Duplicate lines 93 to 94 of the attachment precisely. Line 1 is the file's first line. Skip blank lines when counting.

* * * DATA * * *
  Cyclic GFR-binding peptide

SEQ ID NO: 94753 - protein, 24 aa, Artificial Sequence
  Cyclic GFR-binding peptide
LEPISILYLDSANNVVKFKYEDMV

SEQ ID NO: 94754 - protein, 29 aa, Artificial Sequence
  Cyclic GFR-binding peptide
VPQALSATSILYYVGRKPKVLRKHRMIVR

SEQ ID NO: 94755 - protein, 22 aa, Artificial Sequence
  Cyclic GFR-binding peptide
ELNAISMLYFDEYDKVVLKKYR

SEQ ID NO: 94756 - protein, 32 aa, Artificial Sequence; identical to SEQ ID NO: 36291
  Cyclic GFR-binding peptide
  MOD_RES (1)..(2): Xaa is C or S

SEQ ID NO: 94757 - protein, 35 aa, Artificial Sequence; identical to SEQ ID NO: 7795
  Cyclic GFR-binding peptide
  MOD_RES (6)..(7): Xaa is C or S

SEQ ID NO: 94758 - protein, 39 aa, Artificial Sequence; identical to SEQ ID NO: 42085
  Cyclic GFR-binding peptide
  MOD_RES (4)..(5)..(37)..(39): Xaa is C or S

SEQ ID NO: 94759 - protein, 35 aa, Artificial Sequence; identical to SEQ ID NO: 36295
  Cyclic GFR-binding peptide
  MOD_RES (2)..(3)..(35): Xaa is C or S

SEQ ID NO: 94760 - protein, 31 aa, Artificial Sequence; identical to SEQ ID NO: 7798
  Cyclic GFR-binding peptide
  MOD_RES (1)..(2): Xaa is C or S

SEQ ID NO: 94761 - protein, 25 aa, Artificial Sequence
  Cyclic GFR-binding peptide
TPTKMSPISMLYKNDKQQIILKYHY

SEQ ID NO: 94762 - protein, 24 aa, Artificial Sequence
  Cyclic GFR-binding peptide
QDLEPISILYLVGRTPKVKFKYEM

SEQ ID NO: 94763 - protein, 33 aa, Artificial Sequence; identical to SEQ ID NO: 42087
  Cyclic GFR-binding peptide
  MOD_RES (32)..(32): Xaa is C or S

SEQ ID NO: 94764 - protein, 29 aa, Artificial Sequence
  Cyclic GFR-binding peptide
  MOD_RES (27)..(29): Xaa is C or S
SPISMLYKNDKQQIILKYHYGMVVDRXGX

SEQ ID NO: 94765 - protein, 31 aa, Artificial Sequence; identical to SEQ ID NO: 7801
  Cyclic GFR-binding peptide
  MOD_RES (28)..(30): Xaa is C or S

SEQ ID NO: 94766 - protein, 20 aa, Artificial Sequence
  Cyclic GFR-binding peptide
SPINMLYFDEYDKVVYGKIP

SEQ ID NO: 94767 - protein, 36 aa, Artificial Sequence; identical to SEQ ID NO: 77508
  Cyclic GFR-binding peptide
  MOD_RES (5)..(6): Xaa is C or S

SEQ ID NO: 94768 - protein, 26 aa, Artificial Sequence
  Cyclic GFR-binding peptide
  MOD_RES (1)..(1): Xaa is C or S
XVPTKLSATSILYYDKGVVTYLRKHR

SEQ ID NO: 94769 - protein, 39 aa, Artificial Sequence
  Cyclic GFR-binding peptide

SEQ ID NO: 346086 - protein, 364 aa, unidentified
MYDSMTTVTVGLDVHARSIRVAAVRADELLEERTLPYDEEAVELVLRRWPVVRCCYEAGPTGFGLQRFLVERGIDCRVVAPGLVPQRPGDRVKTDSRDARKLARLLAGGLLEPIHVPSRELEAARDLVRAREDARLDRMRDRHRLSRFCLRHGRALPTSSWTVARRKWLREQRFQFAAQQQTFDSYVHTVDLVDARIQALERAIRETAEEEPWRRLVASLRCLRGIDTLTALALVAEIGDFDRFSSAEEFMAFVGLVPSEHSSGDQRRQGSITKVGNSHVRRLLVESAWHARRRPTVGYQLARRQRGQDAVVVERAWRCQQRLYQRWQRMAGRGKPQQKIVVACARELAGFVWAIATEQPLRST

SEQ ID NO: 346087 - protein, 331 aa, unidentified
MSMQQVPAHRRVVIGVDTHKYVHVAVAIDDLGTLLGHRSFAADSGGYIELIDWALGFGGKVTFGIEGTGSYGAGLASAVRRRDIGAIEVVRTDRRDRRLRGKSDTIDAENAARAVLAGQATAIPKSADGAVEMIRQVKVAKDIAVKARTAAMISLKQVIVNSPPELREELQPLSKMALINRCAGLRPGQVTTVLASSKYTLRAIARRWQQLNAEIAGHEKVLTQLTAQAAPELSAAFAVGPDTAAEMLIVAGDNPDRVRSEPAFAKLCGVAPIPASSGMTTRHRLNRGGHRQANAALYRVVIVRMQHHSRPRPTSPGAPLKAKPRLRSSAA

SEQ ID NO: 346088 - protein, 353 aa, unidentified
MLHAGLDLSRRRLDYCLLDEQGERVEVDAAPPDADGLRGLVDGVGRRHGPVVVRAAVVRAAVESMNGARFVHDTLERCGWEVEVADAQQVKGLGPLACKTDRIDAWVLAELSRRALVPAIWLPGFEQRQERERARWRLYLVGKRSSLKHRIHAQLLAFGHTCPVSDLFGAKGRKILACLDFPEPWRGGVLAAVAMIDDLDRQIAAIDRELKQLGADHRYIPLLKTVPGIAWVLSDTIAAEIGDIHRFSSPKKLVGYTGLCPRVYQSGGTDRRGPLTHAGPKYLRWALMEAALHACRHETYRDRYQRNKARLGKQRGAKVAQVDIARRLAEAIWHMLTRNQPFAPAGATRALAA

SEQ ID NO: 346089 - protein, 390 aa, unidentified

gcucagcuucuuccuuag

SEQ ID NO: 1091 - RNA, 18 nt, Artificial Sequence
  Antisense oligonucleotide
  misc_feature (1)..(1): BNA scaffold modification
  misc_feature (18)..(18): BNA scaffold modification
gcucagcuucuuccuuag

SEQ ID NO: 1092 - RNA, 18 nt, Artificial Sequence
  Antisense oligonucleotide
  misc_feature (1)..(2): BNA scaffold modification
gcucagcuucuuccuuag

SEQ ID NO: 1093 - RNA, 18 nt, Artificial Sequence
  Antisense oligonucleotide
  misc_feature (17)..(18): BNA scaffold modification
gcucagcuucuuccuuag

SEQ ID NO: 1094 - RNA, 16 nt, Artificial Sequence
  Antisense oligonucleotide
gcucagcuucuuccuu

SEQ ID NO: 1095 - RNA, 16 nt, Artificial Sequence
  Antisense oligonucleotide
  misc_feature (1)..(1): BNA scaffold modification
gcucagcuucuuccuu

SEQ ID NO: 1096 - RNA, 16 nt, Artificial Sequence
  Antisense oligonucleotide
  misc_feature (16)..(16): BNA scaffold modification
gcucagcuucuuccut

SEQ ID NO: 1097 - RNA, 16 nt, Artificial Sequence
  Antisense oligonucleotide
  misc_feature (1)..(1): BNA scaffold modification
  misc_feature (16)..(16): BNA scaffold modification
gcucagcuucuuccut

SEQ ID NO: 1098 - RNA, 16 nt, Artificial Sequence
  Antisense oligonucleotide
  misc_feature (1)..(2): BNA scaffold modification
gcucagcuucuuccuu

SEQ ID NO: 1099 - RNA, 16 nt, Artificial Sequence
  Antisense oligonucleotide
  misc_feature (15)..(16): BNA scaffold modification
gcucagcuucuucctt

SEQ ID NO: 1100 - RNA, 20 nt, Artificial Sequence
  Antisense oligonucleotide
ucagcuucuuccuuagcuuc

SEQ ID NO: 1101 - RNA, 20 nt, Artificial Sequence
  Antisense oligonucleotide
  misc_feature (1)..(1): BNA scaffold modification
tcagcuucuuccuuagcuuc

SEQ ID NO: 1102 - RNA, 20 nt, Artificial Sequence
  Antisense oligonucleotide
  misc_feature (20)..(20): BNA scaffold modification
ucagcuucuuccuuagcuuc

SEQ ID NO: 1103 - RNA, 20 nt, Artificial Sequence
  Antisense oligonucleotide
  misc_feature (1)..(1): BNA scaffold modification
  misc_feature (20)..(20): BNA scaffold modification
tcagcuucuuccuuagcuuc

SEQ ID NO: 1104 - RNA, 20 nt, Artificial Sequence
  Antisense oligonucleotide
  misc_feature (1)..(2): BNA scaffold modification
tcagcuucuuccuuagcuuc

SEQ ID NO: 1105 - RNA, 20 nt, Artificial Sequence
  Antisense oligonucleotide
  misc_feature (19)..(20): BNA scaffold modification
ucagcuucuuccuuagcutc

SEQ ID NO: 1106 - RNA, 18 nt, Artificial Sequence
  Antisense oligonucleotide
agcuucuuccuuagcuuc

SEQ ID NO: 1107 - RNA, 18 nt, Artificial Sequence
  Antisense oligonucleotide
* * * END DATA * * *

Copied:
  misc_feature (1)..(2): BNA scaffold modification
gcucagcuucuuccuu